Tuesday, August 7, 2012

Why and How Leaders Must Engage in Social Media

When I did a presentation on social media for C-level women executives last year I argued that leaders must engage with stakeholders in order to lead engaged organizations. I believed that then; I believe it now. People just can’t do “social media appreciation,” they have to participate at some level in order to understand how it really works. If they don’t understand how it really works, how can they assess how well their organization is doing?

In the interim, I’m happy to note that there has been research on the issue. The BRANDfog CEO survey published in the spring has gotten considerable attention. It quotes Aman Singh of CSRwire and Forbes.com as saying:

Transparency, vision and open communication are key to great leadership and corporate social responsibility strategy today. . .customers expect to hear from the executive leadership team on social media channels, as a direct way to connect and engage with the brands they love and the causes they support.

The data I find most compelling is that 82% of respondents are much more likely/more likely to trust a company whose executive team communicates openly. That is the gist of my argument.

When I sat down to write this post I looked for other recent studies. I was only mildly surprised to find that IBM’s Executive Exchange has a larger, personal interview survey fielded about the same time; IBM is good at social media, externally and especially internally. Again, one quote seemed to nail the situation: 

Though CEOs frequently mentioned dipping their toes into social media waters, few claim to be personally immersed. This arms-length involvement puts CEOs in a precarious position. They are making critical judgments about a disruptive technology without much firsthand knowledge. And they’re uncomfortably reliant on the counsel of less experienced Generation Y advisors. “For the first time in my career, I feel old. People in their 20s work and think about this social stuff in a different way,” a U.K. insurance industry CEO shared. “We’re using it as a way of connecting with friends and socializing; the kids coming up are using it as a way of life.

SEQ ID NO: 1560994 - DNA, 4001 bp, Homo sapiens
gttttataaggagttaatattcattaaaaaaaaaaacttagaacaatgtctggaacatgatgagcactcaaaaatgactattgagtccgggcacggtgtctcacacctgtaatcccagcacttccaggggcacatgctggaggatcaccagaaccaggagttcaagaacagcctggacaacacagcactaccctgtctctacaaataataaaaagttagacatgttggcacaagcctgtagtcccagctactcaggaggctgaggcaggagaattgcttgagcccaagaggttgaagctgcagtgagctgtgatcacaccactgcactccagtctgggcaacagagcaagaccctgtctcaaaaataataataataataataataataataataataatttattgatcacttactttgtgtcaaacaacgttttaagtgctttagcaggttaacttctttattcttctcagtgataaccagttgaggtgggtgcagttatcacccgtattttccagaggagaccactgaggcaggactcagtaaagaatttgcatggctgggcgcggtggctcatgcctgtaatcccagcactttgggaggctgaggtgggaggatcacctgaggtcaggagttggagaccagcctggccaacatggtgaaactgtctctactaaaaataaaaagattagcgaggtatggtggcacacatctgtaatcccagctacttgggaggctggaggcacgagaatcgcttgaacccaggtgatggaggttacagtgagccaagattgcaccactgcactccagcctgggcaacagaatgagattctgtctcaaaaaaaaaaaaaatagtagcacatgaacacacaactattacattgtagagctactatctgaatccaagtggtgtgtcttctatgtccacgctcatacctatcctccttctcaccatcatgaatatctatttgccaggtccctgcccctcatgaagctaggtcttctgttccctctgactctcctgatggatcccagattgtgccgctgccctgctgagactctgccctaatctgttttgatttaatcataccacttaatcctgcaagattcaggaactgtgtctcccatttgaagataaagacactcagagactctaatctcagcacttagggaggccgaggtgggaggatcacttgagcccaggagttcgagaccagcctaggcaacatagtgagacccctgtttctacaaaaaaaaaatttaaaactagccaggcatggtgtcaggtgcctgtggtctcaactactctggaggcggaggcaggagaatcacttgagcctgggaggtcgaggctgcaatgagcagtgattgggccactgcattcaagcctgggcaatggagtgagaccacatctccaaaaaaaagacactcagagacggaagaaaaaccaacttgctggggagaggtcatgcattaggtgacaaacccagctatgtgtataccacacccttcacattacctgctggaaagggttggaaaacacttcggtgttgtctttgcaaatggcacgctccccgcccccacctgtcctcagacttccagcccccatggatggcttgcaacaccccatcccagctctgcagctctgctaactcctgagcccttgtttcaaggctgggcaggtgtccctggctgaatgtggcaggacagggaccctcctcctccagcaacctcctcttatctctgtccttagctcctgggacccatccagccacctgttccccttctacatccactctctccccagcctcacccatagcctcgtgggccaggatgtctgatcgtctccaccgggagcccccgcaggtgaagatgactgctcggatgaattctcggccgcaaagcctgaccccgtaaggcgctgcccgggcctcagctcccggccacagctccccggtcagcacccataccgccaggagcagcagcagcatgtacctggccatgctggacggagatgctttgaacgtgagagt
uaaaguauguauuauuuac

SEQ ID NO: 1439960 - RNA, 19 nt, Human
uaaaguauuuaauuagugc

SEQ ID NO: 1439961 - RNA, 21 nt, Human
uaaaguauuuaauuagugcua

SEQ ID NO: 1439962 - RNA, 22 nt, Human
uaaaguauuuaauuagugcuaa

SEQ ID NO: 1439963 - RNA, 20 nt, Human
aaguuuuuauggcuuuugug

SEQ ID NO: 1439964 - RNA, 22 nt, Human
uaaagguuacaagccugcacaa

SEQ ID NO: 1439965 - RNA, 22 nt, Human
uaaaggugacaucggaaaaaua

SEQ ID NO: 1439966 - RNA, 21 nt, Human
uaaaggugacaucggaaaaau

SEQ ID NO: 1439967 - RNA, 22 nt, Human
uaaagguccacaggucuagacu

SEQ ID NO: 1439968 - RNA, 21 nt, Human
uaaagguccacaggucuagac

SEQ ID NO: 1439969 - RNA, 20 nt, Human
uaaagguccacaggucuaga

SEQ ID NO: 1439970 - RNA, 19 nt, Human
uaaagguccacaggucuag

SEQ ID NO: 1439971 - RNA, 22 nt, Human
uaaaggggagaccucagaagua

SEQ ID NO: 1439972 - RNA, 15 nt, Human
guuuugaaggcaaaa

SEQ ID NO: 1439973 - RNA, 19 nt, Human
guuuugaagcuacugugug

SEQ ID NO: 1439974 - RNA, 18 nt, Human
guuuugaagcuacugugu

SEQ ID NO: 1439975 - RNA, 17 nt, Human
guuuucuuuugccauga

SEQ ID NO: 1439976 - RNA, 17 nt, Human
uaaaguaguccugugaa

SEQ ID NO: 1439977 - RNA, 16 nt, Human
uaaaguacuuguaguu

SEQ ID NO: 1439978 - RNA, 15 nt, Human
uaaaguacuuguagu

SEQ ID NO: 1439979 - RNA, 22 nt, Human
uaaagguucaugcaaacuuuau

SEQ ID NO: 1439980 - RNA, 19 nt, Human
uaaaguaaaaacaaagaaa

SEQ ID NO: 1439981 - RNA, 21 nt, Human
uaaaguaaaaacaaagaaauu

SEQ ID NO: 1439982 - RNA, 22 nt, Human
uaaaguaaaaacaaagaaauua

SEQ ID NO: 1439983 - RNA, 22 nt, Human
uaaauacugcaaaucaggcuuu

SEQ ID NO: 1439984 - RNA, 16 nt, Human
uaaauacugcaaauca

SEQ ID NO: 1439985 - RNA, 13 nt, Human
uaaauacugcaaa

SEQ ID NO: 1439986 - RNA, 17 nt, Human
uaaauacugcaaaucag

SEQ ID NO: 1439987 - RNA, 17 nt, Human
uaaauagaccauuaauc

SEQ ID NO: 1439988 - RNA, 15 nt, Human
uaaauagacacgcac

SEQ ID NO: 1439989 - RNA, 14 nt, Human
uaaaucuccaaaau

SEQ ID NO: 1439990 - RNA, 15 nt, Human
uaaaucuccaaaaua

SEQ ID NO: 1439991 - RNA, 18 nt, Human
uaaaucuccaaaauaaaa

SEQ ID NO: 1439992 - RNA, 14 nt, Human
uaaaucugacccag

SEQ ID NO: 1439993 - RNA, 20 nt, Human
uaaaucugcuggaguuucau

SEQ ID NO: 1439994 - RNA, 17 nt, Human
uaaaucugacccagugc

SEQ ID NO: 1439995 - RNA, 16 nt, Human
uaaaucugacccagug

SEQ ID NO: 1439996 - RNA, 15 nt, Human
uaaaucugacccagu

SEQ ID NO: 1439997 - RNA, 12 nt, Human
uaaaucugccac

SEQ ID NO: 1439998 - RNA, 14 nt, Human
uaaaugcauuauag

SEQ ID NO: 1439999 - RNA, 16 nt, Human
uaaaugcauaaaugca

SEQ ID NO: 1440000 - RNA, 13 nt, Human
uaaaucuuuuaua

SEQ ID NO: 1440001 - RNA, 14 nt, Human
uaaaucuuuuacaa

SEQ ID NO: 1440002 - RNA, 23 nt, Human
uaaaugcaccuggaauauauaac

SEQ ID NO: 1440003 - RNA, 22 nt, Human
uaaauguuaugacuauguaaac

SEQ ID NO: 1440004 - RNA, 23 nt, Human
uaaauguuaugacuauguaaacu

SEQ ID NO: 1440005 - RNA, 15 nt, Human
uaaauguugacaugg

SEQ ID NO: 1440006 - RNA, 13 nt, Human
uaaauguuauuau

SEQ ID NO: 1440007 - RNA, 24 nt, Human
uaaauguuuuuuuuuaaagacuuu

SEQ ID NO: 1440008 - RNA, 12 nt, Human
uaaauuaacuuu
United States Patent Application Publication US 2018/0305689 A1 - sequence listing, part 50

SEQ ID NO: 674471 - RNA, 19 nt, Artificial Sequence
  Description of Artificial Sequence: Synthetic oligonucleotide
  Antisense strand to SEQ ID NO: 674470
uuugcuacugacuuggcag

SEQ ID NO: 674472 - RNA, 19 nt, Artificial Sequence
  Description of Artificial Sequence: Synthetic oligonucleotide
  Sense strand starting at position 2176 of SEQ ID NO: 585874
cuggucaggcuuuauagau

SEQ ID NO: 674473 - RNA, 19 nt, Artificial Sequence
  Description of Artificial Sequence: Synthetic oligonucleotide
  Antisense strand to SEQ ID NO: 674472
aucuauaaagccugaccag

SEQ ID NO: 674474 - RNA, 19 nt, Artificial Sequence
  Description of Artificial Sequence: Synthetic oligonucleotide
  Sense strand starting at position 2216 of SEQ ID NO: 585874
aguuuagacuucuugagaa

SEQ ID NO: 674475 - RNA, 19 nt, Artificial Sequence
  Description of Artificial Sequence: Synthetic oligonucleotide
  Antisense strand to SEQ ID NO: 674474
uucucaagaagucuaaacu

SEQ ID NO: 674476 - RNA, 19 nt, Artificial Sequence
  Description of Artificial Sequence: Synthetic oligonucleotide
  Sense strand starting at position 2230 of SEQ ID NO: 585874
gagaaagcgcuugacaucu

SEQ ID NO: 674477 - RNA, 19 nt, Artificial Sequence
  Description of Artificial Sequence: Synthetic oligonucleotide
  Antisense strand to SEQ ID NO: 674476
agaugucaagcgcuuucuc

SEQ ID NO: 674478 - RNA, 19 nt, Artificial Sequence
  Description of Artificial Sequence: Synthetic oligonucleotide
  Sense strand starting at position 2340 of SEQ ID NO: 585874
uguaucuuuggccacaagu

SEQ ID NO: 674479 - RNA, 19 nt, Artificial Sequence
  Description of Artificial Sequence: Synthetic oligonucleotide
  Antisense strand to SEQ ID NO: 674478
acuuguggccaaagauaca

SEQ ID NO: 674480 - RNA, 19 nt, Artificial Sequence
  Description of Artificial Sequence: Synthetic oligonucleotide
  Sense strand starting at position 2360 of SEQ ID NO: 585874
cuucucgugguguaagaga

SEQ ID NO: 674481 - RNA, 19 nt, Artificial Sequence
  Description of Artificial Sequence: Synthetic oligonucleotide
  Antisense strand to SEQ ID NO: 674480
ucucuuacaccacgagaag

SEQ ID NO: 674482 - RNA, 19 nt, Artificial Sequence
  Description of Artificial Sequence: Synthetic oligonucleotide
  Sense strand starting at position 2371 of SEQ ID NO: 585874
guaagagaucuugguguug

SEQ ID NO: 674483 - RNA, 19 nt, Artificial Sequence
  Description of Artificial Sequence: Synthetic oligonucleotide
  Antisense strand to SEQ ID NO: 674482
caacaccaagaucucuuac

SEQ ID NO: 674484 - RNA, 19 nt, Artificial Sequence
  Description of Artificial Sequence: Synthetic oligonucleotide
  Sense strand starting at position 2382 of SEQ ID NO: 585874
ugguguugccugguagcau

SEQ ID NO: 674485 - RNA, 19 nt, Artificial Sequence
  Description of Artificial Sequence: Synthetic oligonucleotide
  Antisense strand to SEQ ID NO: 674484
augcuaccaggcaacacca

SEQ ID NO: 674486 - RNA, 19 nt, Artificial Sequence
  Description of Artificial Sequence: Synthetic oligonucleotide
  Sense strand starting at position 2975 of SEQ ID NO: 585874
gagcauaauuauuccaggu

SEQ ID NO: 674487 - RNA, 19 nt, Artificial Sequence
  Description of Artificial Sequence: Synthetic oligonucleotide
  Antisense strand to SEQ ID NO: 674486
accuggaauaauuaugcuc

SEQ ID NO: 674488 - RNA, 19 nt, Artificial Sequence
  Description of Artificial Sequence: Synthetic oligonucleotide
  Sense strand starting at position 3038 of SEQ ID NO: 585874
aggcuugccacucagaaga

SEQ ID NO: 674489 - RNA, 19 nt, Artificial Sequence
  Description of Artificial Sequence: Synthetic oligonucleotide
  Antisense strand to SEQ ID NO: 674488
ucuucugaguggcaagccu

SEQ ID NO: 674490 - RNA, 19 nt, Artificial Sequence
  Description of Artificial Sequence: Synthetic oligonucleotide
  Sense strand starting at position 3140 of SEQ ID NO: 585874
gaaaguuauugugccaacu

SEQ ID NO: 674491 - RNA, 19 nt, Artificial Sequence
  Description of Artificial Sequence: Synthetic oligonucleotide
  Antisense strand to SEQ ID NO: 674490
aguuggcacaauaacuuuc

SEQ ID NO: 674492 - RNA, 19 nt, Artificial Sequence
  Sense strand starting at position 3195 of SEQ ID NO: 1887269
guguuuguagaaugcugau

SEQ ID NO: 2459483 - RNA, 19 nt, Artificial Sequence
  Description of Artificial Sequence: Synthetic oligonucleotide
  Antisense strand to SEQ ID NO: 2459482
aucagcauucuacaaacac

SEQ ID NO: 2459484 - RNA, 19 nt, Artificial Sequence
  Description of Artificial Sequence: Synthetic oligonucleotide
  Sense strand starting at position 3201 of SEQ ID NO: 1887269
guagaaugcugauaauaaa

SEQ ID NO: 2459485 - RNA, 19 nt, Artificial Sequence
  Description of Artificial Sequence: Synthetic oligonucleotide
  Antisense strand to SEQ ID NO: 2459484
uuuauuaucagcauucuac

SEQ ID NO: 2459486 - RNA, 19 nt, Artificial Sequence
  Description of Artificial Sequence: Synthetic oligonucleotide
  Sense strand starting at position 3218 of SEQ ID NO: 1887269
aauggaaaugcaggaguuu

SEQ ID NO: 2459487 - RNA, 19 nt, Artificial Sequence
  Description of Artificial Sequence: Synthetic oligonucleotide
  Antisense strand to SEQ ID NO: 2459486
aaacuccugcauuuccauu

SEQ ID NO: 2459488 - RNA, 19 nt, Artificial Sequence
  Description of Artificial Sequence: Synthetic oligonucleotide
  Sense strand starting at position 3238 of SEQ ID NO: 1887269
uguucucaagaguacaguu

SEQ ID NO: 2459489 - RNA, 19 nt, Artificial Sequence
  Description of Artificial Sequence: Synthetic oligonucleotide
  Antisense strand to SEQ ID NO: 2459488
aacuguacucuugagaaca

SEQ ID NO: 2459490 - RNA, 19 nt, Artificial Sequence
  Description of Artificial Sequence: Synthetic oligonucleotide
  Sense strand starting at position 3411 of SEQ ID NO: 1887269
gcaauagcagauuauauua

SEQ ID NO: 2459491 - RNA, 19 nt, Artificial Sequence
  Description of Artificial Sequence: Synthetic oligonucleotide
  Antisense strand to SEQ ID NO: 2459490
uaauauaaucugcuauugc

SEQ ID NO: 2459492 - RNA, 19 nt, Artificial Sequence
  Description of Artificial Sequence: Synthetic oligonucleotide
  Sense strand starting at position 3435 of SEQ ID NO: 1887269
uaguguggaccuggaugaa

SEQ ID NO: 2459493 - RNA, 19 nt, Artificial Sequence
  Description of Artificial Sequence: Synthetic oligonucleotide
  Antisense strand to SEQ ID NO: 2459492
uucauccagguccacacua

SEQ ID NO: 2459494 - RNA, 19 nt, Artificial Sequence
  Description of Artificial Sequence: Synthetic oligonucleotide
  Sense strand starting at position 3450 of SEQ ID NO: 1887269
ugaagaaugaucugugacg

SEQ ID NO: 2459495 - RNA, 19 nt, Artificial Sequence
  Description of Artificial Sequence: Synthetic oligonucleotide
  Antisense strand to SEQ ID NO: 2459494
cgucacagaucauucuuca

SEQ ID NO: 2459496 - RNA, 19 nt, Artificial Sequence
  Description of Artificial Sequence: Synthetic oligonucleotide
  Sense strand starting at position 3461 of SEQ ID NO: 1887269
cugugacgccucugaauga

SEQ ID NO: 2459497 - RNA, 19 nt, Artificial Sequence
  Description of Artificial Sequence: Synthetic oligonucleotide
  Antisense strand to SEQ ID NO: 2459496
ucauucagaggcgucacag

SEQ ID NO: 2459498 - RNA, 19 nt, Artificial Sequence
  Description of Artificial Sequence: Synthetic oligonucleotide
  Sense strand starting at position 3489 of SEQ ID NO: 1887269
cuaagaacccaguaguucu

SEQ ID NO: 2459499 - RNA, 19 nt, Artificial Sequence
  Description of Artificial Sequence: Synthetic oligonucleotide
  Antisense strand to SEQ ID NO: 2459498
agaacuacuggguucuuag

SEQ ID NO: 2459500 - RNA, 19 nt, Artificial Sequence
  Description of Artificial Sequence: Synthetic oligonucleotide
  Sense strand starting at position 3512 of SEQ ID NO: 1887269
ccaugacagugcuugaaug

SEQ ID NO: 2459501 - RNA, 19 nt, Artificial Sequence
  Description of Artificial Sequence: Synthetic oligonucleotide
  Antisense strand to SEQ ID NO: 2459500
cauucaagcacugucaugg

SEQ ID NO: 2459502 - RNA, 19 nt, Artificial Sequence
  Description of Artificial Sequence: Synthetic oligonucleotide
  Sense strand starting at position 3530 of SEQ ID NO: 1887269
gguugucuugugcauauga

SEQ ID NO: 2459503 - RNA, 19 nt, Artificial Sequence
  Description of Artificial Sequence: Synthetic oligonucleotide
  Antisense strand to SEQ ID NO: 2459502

These CEOs see social media use increasing by over 250% during the next five years to become the second most important way of engaging with customers. They still see face-to-face as number one. Over the same time frame, they see the importance of traditional media decreasing by over 60%.

The IBM argument is that connectedness through social media is not just a customer issue. Open communications also build and strengthen ties with employees and partners. There is no implication that it is three separate streams of communication. At the CEO level it’s about vision and values with detail on activities mostly left to the functional specialists. There is no implied platform recommendation either. The advice is “Be where your customers expect you to be.” They emphasize the importance of mobile to expectations about timely information. However, in this context mobile is not a platform. It’s a way of delivering social networks to customers according to their expectations.

The picture is one of a media world in the process of revolutionary change and the IBM study making the clearest statement I’ve yet seen of CEOs knowing they need to be part of that change but not knowing exactly how.

So I go back to my original argument; leaders need some personal exposure. Writing in WSJ, Dr. Alexandra Samuel has interesting recommendations leaders and would-be leaders should read for themselves. She sees interesting time-saving value in effective use of Twitter and mentions pressure for CEO blogs. She also suggests having some fun (“Build a Golf Course”) while learning.

If social media is essential to corporate communications and if executives can engage in ways that use time effectively, what reason is left not to engage in a personal and meaningful fashion?

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